The beaches of Normandy Part 2: D-Day beaches, a sombre day remembering an important part of History
Updated: Nov 1
The main reason why we chose Normandy this year, aside from wanting to go abroad, was to visit the D-Day Beaches. It is something my husband and I always wanted to do and we had said that we would wait until our children start learning about the war. The time had come. Our eldest had just finished learning about World War II so we saw our chance to make this a destination to extend on that learning. I have always felt very passionate about 'lest we forget' and the importance of the English input into the world war. My Grandparents lived through it, it resonates quite closely in our family history with what our grandparents had to go through and we must ensure our children and so on and so on respect what our grandparents did for our country.
However, we also had a 6 year old in tow. I heard that in Arromanches-les-Bains there was a circular 360 degree cinema that shows the battle of Normandy in film, so I thought that would be a good place to start to put some context behind the sites we had planned seeing that day. The film was informative, emotional yet not gruesome, so perfect for all of us.
Arromanches has in important part in the war especially from the British perspective as it was the landing for Britain on a man made harbour transported from Britain, and affectionately became known as Port Winston, and dotted along the shoreline and in the shallows are some remains of this harbour. The harbour allowed heavy artillery shipped from Britain to disembark onto the beaches to help storm Normandy in the allied efforts. There is also a D-Day memorial garden, dedicated to our British soldiers, it's deeply moving when you read the inscriptions on the stones.
We had dedicated a whole day to D-Day landings, and there is much to see, however I felt our choices seemed most relevant to us. I would have loved to see more but we are saving those for another time. Our next stop had to be Omaha Beach. After watching Saving Private Ryan I had to see Omaha Beach, such a level of life lost in the first hour is incomprehensible. I found it a bit bizarre that people were playing on the beach like any other, personally I felt it too raw still to do that, however this is what freedom is and what our forefathers fought for, so who am I to judge?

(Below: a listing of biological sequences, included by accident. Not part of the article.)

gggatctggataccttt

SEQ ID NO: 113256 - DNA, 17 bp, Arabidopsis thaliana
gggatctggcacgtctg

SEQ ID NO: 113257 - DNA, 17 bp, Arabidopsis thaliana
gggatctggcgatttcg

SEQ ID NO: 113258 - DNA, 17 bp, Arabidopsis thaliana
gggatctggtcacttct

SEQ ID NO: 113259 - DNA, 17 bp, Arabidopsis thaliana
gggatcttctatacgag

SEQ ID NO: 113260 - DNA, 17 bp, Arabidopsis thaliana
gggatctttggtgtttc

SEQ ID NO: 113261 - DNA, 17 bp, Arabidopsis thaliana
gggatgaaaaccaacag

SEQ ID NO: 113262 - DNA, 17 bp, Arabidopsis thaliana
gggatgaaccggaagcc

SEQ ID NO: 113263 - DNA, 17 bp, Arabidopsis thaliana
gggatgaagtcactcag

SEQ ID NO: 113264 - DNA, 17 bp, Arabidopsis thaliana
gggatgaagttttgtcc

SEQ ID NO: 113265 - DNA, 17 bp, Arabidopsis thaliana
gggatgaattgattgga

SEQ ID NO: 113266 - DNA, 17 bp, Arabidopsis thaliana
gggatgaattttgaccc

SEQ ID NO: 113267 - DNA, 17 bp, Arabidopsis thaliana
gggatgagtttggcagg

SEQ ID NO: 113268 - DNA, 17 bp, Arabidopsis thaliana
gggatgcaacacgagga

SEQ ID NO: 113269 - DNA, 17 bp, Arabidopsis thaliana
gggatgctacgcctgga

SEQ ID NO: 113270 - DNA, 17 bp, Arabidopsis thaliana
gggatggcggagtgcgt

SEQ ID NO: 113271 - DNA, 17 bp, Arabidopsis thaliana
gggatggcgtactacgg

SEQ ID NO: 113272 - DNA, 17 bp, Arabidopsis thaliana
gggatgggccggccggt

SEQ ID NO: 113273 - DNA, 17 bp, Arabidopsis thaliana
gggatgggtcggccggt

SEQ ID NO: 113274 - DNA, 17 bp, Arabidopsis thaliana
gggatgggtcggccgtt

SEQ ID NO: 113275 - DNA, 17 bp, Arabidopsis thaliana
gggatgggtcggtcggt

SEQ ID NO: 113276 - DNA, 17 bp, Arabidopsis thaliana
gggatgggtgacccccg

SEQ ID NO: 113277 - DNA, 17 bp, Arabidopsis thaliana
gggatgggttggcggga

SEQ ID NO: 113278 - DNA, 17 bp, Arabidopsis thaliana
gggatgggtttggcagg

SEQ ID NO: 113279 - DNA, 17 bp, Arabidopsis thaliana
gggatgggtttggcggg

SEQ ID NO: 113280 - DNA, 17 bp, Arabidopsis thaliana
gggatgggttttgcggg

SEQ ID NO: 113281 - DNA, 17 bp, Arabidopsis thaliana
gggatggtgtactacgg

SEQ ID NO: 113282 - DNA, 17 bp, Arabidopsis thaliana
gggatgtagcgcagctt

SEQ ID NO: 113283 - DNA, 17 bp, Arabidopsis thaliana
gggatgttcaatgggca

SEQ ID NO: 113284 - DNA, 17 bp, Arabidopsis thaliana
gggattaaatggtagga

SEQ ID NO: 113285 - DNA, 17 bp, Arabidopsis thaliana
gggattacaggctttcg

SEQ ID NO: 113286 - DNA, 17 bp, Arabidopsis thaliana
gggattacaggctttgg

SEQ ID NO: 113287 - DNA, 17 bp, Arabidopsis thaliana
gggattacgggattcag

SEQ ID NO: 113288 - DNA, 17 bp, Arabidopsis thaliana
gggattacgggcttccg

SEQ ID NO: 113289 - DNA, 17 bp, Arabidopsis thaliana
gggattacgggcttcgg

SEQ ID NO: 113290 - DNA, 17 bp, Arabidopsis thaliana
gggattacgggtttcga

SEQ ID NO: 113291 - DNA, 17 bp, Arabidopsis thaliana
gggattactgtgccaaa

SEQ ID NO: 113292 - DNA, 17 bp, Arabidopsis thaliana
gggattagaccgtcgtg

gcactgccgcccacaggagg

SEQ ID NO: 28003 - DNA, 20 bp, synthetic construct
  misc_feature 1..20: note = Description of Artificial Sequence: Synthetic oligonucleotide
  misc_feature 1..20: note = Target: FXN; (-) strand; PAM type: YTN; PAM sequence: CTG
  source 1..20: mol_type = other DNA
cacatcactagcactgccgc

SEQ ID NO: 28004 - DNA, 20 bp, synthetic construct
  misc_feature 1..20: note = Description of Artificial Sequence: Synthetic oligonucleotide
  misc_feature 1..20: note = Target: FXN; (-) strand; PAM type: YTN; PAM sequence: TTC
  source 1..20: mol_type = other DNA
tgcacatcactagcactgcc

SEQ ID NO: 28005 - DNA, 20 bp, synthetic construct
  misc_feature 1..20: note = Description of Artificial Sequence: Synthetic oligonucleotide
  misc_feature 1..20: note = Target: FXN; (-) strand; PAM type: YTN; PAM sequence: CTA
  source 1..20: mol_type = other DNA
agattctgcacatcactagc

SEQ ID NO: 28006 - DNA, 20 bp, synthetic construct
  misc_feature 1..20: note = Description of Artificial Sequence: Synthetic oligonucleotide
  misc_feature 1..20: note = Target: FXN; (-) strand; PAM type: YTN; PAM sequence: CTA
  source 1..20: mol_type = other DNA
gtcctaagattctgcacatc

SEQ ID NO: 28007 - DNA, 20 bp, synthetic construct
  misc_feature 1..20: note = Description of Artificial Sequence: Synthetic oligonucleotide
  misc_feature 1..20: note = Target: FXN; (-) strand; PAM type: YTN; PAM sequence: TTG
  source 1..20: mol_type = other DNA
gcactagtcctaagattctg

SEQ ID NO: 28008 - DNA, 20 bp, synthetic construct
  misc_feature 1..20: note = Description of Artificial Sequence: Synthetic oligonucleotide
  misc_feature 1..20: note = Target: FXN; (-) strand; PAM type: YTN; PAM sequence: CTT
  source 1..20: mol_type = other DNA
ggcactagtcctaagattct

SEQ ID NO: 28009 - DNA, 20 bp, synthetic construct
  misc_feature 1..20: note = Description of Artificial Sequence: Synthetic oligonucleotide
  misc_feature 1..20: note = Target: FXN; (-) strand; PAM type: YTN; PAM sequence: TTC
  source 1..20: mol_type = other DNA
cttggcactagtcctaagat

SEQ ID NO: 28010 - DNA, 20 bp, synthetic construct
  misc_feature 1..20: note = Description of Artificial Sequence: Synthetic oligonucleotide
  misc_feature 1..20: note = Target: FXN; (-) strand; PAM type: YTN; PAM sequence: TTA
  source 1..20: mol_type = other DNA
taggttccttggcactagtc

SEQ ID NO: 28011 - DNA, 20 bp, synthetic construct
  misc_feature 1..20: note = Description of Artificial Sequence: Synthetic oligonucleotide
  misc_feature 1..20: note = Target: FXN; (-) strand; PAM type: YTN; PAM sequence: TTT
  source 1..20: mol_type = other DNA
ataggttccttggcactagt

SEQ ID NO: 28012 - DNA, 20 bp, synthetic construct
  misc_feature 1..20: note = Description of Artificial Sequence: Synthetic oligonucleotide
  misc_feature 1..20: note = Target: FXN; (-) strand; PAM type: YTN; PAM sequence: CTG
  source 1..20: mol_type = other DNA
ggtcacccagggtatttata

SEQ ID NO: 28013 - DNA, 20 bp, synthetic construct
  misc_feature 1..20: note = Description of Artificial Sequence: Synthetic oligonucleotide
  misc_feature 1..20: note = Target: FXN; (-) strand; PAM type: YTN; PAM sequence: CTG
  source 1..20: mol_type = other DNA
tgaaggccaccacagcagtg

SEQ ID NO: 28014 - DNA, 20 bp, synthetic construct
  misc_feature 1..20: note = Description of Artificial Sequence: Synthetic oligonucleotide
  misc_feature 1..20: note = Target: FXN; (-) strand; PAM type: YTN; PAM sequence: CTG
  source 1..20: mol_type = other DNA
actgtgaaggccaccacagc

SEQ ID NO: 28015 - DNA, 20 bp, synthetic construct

There is a huge sculpture there, that is called the Wings of Hope which is dedicated to those that gave their lives for french freedom. You have to walk quite far along the golden sand to reach the shoreline. Walking back is sobering when you put yourselves in the shoes of those young men landing and under fire with such a long stretch of sand ahead of them.
This day had to end at the Normandy American Cemetery, to see the thousands of pristine white crosses of the fallen. What struck me was the beauty of this place, poignantly overlooking Omaha beach and the serenity and symmetry of the place leaves you quite breathless. It makes you pause to think, which is exactly what you should do here. An added leave of poignancy is the Star of David headstones in and amongst the crosses, given what World War II was about, it's good to see religions and men standing side by side in death as the had done in life.
A sad day but I am glad I have been able to see this with my children. We ended driving home talking about what mine and my husband's grandparents did in the war, really with the knowledge that we probably don't know even the half of it, but the little that we do know we must keep passing forward. Remembrance.